THE ARTIFACTS OF BELONGING
Threading Through Time: Myth, Memory and the Human Story
Heidi Buscher’s current painting series is a lush and thoughtful examination of Hawaii’s past, present and future. The work balances portraiture with abstract mark making in works that portray a sense of spirituality, a sense of our humanity, and our connection to the people and places that came before us. While Hawaiian mythology anchors the work, Buscher gathers thousands of source materials; maps, patterns, fabrics, archival texts, hand written letters, and early contact Hawaiian and Polynesian imagery as visual threads to inspire, layer and fold into the work.
Click to Read Artist’s Statement about the Series
My inspiration as an artist comes from my fascination with mythology and storytelling as a connection to the people and places that came before us— people who are no longer with us. It is the feeling of both joy and loss in equal parts.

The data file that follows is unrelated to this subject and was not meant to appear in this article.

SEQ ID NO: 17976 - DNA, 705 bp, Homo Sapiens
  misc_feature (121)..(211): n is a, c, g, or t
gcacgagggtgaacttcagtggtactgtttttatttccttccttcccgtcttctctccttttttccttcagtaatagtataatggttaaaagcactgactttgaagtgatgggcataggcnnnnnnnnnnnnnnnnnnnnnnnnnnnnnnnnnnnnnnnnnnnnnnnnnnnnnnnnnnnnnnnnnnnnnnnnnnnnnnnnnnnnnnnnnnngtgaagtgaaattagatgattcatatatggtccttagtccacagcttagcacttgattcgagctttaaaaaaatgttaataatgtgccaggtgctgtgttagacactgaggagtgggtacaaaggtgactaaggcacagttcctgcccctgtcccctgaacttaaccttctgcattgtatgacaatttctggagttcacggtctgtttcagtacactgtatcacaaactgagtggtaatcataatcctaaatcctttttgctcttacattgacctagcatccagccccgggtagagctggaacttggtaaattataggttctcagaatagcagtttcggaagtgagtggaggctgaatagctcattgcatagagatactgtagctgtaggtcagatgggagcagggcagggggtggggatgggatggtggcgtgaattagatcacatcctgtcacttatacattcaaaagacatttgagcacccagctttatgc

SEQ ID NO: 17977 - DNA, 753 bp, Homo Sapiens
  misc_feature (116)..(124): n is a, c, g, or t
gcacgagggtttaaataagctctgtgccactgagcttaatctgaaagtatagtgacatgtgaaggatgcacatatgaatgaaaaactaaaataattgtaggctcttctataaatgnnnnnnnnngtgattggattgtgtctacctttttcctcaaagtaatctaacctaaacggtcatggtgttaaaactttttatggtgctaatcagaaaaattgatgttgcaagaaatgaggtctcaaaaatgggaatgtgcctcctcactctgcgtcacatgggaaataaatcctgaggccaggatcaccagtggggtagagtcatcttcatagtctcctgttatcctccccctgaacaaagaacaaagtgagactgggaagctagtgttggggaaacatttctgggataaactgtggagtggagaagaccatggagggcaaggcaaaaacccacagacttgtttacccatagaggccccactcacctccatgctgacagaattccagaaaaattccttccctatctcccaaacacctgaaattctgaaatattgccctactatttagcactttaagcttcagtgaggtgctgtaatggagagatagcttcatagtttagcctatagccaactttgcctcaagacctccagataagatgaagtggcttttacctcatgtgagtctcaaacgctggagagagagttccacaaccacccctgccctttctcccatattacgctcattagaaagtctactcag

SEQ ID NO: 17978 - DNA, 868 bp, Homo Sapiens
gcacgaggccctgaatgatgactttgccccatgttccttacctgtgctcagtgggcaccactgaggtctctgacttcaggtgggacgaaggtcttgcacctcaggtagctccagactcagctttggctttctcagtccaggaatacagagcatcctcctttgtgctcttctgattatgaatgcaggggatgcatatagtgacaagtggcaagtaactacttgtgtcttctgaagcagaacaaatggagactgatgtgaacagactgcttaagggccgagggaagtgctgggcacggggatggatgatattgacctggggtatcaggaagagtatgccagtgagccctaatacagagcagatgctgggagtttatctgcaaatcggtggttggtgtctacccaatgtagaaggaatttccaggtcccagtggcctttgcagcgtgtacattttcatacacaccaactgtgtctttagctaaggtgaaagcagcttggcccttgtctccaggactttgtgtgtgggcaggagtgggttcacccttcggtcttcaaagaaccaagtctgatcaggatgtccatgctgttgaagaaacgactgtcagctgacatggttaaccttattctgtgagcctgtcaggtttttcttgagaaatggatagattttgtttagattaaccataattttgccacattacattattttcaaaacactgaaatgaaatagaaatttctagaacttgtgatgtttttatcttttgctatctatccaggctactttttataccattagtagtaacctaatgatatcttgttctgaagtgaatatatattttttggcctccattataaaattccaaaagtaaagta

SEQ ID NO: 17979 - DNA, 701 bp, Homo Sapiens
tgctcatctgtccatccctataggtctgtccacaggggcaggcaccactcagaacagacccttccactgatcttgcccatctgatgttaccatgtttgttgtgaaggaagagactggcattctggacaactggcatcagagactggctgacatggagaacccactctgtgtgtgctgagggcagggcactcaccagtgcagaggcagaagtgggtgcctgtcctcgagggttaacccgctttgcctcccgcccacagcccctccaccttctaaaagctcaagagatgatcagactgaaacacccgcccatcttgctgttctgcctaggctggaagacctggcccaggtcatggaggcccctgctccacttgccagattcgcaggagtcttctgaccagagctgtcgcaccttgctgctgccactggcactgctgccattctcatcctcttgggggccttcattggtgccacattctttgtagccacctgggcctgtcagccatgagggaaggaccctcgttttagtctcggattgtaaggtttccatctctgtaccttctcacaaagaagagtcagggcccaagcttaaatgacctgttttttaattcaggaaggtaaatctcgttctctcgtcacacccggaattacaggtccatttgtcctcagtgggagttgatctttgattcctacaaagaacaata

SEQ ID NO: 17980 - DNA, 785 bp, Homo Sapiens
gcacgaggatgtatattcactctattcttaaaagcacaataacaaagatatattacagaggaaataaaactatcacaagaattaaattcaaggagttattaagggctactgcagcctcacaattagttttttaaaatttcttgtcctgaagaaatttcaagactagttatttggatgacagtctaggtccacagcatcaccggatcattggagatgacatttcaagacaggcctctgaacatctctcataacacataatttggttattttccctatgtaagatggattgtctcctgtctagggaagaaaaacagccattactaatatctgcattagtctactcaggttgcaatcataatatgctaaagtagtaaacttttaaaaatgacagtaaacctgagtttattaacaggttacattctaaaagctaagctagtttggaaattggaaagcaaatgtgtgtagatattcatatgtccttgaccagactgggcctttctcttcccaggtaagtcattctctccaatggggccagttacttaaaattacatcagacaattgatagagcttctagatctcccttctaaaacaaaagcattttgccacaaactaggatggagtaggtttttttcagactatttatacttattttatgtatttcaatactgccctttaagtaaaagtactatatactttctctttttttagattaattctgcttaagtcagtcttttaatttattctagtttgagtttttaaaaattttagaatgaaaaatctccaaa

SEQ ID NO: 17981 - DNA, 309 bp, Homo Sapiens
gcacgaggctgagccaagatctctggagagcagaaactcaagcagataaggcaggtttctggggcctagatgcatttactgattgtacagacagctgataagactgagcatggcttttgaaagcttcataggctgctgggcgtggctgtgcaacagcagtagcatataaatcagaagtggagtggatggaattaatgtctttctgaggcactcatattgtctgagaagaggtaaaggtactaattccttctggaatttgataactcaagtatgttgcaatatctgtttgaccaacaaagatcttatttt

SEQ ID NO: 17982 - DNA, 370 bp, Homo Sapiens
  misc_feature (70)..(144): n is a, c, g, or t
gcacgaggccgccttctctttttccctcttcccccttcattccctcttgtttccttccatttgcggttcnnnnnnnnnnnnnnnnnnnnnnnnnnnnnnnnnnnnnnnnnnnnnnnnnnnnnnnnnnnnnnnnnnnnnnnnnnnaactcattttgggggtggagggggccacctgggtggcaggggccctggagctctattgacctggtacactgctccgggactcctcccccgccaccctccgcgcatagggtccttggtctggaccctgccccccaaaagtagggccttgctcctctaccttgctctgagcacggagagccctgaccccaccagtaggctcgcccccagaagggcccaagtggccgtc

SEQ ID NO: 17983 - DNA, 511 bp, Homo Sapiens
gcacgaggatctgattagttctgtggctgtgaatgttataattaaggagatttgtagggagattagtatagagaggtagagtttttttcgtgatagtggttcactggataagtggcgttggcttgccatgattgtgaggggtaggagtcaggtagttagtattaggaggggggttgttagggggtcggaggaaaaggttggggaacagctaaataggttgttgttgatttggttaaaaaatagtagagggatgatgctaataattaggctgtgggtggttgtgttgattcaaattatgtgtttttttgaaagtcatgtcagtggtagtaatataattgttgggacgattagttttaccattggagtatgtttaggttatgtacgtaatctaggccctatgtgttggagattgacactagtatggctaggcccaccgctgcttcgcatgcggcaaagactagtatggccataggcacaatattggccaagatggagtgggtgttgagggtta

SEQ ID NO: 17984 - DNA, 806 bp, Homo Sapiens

How can we be here and love as hard as we love, and then just be gone? This is the universal human experience: love and loss and the enormous heart-rending beauty of it all. This feeling is where the roots of the work are. The myths and stories connect us back through the generations and millennia of humanity. The stories are what remain.
I am particularly drawn to the myths and legends of Hawaii. While I am not Kanaka Maoli (native), I am a fourth generation kama‘aina. This is the only place I know as home; it is the place that connects, sustains and nourishes me. And these are the artifacts of belonging.